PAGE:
http://www.cannabisnews.org/colorados-crazy-marijuana-tax/2013/11/09/


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I have to read this a couple more times, thank you for this. beware though, its come to my attention talking about those kinds of out of state policies here at the forum will somehow be the deciding factor for our state to follow suit, possibly further restricting our act.  maybe our state don't read the rest of the net? and only this forum..that must be it

Edited by grassmatch
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I have to read this a couple more times, thank you for this. beware though, its come to my attention talking about those kinds of out of state policies here at the forum will somehow be the deciding factor for our state to follow suit, possibly further restricting our act.  maybe our state don't read the rest of the net? and only this forum..that must be it

The rest of the forums are not medical marijuana support websites I'm sure now your just attempting to be a smart alec and your truly being naïve on this subject .

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That was my point in posting this just to show how things can go and imo Cannabis can not be taxed as easy as we think it can be 

and as far as giving the heads up to the people that work in Lansing the idea if they use this as a way to do anything am not worried Lol :bong7bp:

 

tehe  :sword:

 

:bong7bp:

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Please stop stalking me. I did not direct this towards you, but the hoards of messages I got from others. I already told you that your bullying was water under the bridge for me. Can you put it threre, or shall we engage further?

If that's your choice, be kind, don't shred this thread also. To avoid the risk of censorship, please start your own thread to bully.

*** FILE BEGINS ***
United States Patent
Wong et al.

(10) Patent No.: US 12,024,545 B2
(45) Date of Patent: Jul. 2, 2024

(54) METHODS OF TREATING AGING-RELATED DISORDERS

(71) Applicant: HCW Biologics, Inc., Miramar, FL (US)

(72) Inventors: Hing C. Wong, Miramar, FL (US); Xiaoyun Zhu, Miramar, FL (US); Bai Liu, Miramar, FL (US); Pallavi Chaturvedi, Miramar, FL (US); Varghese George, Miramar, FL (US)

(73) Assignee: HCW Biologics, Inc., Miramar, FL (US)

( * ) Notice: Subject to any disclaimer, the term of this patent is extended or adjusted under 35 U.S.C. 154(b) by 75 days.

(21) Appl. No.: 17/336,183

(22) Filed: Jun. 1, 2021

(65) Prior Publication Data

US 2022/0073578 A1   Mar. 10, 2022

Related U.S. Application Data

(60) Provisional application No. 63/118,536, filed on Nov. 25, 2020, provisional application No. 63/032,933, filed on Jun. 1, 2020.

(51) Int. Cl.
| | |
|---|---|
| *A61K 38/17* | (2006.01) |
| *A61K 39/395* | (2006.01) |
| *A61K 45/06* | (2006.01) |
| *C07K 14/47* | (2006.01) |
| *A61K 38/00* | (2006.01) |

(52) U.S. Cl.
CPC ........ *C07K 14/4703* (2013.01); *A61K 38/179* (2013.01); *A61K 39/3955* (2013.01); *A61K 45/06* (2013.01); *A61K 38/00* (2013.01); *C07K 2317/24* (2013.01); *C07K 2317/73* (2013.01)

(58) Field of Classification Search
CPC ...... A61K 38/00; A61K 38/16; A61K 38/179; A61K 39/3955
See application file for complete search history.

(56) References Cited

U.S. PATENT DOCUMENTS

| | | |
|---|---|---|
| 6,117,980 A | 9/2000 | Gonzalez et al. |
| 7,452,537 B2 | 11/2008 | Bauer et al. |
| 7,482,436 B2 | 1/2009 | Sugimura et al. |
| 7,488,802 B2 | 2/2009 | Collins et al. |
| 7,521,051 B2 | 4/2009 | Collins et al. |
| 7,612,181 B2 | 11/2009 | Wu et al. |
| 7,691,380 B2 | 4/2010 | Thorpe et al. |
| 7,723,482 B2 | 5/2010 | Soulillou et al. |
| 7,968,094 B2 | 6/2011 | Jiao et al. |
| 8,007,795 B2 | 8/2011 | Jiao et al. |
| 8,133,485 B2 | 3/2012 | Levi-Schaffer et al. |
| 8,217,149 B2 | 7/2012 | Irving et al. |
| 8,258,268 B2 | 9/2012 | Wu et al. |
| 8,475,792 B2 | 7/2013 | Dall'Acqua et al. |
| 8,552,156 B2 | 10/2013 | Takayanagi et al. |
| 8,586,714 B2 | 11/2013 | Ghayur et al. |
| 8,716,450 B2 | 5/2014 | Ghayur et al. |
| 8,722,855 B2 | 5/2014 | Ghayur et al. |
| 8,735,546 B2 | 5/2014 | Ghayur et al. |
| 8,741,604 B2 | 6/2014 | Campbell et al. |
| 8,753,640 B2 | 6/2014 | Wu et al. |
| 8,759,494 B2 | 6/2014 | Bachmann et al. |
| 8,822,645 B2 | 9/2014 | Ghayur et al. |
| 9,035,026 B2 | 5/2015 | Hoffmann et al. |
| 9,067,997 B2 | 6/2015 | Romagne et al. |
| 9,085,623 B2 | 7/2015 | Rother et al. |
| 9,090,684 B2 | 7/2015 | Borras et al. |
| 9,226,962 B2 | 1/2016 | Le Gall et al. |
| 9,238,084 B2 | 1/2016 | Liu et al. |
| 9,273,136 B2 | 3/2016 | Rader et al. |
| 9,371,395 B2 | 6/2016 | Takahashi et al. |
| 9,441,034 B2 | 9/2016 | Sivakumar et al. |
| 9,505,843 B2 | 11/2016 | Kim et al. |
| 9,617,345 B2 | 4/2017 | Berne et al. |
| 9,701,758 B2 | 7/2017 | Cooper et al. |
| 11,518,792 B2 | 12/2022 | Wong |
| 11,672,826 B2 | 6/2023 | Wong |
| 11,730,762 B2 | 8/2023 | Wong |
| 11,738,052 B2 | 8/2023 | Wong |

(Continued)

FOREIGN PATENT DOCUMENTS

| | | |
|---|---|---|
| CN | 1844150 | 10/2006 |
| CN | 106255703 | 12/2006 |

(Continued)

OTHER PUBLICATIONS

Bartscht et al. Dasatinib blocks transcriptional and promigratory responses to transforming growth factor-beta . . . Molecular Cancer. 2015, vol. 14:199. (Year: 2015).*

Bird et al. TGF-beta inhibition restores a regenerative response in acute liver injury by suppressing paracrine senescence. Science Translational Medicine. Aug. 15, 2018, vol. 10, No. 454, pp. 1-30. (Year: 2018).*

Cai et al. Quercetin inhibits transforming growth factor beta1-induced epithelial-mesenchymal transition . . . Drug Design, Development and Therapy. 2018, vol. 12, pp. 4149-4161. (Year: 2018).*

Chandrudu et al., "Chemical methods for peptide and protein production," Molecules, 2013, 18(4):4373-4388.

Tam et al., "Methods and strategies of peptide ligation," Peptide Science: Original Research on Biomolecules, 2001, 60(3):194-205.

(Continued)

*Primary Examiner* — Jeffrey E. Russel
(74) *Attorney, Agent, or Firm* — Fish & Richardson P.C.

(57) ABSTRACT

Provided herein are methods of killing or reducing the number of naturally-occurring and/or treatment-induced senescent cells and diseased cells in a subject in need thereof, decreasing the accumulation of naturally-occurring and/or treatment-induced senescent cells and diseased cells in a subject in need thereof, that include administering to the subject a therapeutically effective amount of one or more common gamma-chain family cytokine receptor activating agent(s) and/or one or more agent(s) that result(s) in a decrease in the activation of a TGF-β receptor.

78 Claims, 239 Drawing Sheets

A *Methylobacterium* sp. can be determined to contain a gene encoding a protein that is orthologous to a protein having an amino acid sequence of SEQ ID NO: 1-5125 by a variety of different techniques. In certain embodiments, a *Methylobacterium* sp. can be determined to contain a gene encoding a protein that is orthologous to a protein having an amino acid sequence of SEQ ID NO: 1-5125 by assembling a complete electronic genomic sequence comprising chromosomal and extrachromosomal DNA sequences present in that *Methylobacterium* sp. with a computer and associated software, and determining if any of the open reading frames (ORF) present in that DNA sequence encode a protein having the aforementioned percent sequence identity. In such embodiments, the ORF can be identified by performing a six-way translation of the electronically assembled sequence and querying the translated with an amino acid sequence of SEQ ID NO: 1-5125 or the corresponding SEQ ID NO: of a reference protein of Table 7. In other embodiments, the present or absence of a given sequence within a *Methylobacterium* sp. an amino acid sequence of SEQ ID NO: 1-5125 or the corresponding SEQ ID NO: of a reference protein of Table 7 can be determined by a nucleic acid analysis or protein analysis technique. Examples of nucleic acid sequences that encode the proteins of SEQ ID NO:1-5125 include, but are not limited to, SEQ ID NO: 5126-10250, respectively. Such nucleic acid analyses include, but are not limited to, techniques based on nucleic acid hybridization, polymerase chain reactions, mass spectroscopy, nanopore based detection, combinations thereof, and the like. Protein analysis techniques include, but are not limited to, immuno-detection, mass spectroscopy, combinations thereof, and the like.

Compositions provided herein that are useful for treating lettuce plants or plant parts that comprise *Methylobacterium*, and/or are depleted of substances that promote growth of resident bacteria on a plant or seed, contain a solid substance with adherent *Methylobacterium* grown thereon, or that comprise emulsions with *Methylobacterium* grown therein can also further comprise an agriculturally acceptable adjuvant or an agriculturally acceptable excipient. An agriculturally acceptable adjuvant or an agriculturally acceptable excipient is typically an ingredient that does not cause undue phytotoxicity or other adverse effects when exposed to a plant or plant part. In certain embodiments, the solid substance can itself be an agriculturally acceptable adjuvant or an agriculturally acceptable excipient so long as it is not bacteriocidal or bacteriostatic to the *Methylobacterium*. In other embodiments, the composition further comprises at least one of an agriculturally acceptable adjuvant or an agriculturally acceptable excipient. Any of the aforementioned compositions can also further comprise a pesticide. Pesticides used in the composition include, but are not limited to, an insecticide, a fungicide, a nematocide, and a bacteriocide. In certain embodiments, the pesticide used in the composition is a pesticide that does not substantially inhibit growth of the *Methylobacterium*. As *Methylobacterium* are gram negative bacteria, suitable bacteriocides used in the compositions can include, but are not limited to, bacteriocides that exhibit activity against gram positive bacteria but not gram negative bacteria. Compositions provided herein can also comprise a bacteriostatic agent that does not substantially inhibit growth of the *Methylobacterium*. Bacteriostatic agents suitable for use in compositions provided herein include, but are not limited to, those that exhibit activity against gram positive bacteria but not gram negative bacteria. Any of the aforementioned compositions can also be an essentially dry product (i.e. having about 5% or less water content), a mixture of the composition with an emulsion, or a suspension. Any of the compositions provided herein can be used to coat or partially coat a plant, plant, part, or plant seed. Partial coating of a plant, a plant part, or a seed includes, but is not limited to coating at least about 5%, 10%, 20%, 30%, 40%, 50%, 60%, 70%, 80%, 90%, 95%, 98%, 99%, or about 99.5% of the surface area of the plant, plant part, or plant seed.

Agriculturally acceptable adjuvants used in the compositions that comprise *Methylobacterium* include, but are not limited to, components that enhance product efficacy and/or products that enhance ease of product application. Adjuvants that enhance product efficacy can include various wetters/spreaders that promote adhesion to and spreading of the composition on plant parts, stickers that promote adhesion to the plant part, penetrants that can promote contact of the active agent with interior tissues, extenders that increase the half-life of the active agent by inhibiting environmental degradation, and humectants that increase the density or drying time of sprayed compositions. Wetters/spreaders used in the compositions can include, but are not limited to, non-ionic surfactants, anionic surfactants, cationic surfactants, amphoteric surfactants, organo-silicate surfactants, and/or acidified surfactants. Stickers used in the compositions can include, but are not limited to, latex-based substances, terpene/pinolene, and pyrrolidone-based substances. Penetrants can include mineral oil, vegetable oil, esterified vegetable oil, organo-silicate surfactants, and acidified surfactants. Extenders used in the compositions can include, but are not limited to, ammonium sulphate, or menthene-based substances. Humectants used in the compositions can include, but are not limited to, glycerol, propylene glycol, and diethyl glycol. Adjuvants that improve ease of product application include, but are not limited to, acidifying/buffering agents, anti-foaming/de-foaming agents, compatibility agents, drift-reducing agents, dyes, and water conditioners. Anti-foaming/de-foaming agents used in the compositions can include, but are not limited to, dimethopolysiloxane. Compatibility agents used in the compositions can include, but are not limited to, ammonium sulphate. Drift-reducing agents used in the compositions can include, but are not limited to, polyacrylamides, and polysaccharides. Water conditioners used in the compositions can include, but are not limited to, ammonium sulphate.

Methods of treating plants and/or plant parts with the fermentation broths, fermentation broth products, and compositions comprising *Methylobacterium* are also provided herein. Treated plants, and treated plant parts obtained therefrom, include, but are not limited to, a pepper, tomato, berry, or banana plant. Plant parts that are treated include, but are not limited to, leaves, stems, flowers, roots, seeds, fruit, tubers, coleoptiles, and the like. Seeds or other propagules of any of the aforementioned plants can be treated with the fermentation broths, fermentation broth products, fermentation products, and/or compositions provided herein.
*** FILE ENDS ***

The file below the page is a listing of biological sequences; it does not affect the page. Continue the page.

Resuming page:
For clarity-Your paranoia insisted that the mere mention of a pesticide TRUTH(x2million results),  in this forum would somehow be the deciding factor in further restricting our Act. (surely the fault of sprayers rather than posters of the news eh?)

If you truly cared about the Act you would consider STOPPING your chemical romance, and implement proper safety measures, and STOP attacking those who are steps ahead of you in this, and have decided to not use chems on their meds. Wont you stop, please already, you will feel better, and your paranoia may subside.

 

As the very first poster to defend the practice of spraying meds with botanical oils, even though expressly forbidden by our whole country currently, and we know that only a few growers practice the nasty, you are the problem, not news and information.

 You've been informed, otherwise warned,and now have a choice, will you continue to spray?  That's really all that matters here right, beside your ego maybe, but patient safety is priority one for most of us.

You have an opportunity(again) to be water under the bridge here. A marijuana support group should welcome news of Patient safety, advocacy, and health. Especially when it's leaders are running astray.

 

go bully elsewhere please?

The rest of the forums are not medical marijuana support websites I'm sure now your just attempting to be a smart alec and your truly being naïve on this subject .

Edited by grassmatch
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That's a good point !!  Most of us are still alive now, but there are many many more of  the next gen. I'll listen, because often their views are fresh, and smarter than my old dusty ones.  They'll take the reigns soon, and what an exciting movement now, with more force than ever!

For over 40 + years Cannabis users were ready for taxing Cannabis but today after we have had a tasted of the good life know one wants to go back to the old days